Gisha in a second letter to the ministers of agriculture and finance: Lift the restrictions on the sale of Gaza tomatoes in Israel
Produce from Gaza has been sold in Israel since March 2015, when sales resumed after a seven-year ban. However, sales were limited to eggplant and tomatoes, subject to a quota of 250 tons per month and earmarked for the Orthodox Jewish community, due to the religious practice of leaving fields fallow for one year every seven years.
According to a report (Hebrew) published on July 19, 2016 in The Marker, this year, too, it appears that there will be a shortage of tomatoes in the Israeli market during the Jewish holiday season (the High Holy Days and Sukkot). In order to prevent the shortage and higher tomato prices, the minister of agriculture decided to waive the import tax on tomatoes originating from countries that are members of the World Trade Organization (WTO). This is a continuation of the minister’s 2015 decision to waive customs on fruits and vegetables from Jordan and other countries.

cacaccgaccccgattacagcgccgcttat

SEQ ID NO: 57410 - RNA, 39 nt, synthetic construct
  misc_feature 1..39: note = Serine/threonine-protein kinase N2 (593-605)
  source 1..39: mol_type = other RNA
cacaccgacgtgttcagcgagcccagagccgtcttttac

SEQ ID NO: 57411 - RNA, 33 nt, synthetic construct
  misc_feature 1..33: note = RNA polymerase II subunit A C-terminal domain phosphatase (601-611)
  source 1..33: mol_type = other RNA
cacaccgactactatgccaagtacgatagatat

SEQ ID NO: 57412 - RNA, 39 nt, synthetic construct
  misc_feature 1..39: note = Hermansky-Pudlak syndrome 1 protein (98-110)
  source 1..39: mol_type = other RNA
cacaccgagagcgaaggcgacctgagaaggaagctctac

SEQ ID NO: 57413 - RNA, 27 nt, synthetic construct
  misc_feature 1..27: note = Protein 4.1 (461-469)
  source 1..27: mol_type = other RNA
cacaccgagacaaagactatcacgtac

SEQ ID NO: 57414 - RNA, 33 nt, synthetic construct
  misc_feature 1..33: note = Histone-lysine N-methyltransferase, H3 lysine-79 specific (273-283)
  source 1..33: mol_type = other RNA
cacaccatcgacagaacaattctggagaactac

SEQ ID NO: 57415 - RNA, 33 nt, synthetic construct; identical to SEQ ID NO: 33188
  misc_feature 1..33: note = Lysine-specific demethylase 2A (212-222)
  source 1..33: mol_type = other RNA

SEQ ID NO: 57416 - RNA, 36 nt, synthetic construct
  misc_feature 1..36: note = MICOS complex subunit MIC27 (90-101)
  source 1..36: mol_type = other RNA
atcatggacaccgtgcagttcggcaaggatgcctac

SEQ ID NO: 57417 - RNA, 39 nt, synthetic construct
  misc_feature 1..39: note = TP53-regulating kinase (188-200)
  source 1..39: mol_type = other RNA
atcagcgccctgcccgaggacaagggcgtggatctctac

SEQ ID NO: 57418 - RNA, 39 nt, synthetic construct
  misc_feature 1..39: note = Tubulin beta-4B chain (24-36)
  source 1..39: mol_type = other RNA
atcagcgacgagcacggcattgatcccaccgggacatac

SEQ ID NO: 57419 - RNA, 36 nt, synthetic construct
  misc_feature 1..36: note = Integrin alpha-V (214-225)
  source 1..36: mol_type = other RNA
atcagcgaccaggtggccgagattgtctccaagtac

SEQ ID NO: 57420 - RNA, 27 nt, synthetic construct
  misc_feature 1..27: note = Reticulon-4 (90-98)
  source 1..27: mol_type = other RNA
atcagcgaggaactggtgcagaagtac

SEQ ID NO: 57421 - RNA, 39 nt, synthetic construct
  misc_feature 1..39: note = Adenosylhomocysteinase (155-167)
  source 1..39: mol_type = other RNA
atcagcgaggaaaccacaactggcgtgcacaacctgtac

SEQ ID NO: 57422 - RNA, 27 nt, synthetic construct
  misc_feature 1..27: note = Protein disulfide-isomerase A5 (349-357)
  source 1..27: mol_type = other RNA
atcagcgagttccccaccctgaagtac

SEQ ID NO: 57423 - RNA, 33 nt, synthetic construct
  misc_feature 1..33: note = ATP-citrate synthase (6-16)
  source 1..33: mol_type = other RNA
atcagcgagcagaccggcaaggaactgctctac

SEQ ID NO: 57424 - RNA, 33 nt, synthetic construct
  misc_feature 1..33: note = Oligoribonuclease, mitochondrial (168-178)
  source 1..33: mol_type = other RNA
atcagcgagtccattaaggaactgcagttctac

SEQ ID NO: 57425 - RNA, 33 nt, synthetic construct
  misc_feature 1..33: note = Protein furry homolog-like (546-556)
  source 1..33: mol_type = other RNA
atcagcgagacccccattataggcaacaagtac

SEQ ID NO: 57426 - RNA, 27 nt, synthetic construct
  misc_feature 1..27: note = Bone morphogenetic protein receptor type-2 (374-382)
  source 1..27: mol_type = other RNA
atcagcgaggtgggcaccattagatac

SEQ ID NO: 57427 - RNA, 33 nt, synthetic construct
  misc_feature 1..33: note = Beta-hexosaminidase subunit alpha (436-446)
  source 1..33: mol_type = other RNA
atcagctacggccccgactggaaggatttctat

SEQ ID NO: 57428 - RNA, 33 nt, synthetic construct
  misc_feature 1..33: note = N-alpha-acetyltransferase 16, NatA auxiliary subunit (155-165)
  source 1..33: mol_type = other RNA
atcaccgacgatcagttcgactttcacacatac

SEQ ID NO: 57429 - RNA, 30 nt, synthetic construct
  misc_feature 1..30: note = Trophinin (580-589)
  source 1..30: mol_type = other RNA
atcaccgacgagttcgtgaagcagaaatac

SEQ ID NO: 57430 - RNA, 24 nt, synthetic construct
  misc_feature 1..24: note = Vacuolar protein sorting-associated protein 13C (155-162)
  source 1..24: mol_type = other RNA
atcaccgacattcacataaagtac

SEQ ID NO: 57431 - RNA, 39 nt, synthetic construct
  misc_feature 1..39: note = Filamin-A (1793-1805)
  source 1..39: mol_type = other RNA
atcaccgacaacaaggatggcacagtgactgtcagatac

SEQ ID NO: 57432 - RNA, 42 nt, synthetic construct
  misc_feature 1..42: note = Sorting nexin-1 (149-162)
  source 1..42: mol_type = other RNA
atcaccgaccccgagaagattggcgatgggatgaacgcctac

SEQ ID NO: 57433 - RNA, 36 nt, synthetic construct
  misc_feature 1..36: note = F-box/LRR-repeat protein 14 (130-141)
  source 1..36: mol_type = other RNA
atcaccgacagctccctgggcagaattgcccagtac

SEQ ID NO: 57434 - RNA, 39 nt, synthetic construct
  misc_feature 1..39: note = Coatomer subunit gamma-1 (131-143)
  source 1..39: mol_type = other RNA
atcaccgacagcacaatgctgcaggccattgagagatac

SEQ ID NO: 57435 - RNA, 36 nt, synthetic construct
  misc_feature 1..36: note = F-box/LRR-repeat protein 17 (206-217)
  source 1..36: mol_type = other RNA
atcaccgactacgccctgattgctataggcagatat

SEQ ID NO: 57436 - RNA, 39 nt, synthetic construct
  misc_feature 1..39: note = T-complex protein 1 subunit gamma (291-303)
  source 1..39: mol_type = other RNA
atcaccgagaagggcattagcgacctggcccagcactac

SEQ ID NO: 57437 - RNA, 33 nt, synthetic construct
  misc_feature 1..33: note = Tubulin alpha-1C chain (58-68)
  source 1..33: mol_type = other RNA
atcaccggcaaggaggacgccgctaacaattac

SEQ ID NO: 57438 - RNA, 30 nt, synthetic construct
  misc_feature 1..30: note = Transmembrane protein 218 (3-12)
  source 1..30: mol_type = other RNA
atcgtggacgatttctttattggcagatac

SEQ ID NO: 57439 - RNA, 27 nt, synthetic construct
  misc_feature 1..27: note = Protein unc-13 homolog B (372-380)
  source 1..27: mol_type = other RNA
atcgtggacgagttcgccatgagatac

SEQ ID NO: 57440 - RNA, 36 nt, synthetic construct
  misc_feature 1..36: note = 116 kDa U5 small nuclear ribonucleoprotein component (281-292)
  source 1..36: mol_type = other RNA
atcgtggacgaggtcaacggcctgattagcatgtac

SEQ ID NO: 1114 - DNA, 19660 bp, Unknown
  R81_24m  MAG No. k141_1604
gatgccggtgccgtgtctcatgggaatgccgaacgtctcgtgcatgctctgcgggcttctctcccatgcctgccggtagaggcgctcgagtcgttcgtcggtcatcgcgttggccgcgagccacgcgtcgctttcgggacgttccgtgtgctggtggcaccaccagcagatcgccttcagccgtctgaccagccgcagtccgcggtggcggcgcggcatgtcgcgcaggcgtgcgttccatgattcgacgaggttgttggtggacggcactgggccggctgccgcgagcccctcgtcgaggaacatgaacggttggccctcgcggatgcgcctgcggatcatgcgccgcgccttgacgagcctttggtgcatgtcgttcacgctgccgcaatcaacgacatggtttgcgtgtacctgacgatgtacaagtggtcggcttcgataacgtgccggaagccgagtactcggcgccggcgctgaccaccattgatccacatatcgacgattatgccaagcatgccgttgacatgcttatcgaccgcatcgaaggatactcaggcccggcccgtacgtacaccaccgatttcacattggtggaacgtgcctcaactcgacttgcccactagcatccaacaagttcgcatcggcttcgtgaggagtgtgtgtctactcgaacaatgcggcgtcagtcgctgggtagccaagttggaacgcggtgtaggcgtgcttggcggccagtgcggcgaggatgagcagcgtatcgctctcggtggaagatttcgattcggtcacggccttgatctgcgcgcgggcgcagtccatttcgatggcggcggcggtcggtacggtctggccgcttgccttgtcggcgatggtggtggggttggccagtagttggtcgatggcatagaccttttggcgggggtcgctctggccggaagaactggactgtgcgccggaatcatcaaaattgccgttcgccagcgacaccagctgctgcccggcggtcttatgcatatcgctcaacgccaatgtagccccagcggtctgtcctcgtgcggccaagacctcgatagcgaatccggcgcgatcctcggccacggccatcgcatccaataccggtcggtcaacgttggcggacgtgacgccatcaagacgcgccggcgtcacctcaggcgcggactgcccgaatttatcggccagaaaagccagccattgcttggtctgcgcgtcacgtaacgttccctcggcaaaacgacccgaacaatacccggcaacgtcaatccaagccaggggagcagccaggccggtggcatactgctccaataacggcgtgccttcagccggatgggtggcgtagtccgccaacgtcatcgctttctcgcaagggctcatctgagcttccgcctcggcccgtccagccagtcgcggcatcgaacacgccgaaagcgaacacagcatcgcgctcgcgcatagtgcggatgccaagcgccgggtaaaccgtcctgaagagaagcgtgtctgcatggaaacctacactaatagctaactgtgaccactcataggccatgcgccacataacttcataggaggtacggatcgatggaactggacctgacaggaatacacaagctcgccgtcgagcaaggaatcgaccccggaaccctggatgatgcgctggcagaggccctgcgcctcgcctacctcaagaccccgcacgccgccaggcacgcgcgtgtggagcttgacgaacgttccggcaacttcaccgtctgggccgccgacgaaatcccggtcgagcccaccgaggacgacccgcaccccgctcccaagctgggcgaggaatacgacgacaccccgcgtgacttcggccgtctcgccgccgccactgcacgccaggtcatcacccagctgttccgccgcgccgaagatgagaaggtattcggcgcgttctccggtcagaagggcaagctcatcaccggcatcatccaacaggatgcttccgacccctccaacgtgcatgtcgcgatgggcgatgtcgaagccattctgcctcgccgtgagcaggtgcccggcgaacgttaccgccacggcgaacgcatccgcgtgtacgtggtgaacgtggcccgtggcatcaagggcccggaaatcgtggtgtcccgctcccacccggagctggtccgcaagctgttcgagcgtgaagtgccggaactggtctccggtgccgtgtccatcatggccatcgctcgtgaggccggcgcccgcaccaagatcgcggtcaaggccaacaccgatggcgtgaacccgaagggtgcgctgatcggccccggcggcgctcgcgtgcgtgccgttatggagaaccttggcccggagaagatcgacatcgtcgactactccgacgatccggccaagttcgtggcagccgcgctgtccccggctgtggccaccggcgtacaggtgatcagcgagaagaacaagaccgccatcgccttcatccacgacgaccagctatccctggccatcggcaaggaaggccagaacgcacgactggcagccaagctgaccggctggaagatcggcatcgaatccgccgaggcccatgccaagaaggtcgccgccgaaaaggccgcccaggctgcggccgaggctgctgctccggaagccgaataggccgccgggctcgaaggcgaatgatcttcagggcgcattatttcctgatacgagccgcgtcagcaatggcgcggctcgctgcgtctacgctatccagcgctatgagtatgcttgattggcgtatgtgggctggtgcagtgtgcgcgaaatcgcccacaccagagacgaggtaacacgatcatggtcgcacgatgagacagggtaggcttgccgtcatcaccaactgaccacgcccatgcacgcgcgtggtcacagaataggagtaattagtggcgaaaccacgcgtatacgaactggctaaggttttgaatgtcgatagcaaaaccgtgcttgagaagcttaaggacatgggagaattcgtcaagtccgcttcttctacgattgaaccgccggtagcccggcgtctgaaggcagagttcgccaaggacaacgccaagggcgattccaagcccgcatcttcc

In response to this report, Gisha once again wrote (Hebrew) to the ministers of agriculture and finance, as it had done before the holidays last year. Given that the solution of waiving customs failed last year – the price of tomatoes did not decrease and the shortage was not prevented – Gisha suggested the ministers reconsider the possibility of removing the existing restrictions on the sale of Gaza produce in Israel and, in particular, to expand the quota for tomatoes.
In its letter, Gisha detailed the many reasons why it would be better to choose the option of increasing sales of Gaza produce over waiving customs duties for import from other countries, including the quality of the produce from Gaza, efficiency given geographic proximity and the fact that it is not necessary to waive customs since Gaza belongs to the same customs zone as Israel.
Furthermore, the letter points out that the sale of Gaza produce has already proven worthwhile and profitable for all parties concerned, that removing the existing restrictions is clearly in Israel’s economic interest and that it is congruent with Israel’s declared interest in strengthening and supporting Gaza’s economy.